January 16, 2014
As this column has often noted, feminists and conservative moralists alike tend to scapegoat males for social problems rather than, if we may borrow the phrase, “focus more on complex areas of causation.”
Blow’s way of expressing this sentiment, however, strikes us as particularly ugly. To characterize men as “incapable of valuing their own humanity” is the kind of invidious stereotype that would never be permitted on the pages of a respectable publication if one were referring to a racial or ethnic minority–or, for that matter, to women. And the masculine drive for conquest–also known as ambition–is very much a part of the human experience. It sometimes takes pathological or destructive forms, but then so do empathy and “emotional depth.”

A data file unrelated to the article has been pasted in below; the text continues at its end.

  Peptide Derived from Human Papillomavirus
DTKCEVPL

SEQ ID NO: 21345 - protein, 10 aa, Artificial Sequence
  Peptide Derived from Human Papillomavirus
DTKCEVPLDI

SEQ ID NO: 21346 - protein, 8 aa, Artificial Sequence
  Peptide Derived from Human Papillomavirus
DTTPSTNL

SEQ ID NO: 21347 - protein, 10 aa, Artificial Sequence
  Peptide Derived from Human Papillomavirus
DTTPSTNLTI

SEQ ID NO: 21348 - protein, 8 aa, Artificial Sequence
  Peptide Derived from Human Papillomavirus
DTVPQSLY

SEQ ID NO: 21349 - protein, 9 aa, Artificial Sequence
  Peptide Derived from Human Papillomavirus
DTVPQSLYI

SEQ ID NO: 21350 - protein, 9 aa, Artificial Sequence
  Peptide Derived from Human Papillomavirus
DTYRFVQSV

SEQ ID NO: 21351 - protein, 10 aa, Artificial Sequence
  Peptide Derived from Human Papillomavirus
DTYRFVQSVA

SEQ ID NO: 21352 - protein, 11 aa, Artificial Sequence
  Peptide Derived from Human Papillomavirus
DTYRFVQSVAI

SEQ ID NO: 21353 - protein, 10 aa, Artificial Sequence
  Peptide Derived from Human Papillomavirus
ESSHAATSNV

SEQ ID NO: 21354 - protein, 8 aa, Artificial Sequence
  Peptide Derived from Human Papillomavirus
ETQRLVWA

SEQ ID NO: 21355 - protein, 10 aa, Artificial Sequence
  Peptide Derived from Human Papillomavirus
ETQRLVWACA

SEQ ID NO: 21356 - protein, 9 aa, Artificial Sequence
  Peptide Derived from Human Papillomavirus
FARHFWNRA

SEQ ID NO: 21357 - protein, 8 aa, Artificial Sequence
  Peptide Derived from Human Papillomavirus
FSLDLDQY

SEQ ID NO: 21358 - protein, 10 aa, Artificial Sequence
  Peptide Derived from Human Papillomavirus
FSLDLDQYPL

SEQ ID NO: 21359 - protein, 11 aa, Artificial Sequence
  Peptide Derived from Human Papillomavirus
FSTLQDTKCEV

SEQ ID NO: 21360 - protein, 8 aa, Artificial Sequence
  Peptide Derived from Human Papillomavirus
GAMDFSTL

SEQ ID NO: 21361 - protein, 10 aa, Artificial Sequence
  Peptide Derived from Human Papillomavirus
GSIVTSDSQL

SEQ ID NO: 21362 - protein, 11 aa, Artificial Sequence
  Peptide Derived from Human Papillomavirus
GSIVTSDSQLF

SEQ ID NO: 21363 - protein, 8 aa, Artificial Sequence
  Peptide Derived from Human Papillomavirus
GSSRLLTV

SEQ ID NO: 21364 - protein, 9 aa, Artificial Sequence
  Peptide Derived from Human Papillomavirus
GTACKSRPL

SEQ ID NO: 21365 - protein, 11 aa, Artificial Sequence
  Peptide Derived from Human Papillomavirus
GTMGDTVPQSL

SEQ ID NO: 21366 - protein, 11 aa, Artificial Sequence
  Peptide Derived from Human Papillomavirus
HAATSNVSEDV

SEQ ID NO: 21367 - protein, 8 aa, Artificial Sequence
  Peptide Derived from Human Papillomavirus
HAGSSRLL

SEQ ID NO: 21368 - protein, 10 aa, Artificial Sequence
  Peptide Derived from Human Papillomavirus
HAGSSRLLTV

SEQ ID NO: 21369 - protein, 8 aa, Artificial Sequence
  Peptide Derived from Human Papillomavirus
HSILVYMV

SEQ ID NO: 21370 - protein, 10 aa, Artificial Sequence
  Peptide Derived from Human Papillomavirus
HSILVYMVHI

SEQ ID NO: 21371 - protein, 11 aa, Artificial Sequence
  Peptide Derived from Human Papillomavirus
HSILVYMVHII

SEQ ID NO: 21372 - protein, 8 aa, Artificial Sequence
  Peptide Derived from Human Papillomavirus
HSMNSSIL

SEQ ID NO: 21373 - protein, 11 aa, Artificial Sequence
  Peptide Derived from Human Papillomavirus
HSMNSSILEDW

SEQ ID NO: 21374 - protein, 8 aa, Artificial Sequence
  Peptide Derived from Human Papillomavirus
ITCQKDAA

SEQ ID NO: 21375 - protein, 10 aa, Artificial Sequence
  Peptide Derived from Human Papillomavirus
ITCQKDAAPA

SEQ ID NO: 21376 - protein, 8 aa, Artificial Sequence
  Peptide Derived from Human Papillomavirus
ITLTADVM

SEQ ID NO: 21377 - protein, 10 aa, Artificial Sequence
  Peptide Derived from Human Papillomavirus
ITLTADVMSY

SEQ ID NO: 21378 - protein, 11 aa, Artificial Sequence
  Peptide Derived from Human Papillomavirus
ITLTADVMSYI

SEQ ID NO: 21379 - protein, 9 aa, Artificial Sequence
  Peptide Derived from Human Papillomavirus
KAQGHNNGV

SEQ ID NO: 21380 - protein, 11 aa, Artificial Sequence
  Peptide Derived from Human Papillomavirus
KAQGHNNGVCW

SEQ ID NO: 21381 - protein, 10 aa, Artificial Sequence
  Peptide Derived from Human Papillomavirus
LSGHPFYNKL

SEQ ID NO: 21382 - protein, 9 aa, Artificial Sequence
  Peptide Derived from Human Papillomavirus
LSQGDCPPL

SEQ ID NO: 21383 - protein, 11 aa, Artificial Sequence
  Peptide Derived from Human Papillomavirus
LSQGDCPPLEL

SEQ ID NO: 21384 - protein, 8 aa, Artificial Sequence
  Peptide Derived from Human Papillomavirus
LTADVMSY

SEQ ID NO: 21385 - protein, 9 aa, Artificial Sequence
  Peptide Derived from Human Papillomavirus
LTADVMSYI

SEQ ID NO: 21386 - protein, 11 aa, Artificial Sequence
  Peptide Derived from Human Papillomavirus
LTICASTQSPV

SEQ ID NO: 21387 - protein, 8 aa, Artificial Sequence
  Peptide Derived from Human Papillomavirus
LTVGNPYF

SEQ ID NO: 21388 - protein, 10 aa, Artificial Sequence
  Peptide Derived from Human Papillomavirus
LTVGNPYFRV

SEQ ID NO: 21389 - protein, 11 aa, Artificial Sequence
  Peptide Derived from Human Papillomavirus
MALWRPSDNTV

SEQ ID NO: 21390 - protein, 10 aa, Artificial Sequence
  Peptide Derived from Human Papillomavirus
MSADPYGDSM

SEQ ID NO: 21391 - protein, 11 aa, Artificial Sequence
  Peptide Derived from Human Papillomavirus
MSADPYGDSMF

Further, Blow’s stereotype is no more accurate than it is charitable. . . . These women are making coldly rational decisions about their own well-being and that of their children. It would be callous to fault them for not “fully valuing the humanity of a love interest.” Yet today’s elite culture, as represented by the New York Times, thinks nothing of propagating such crude and cruel characterizations of men and boys. The problem of family breakdown may or may not be tractable at all, but it certainly won’t be conquered by antimale prejudice.
No, but the Times’ readership seems to eat it up.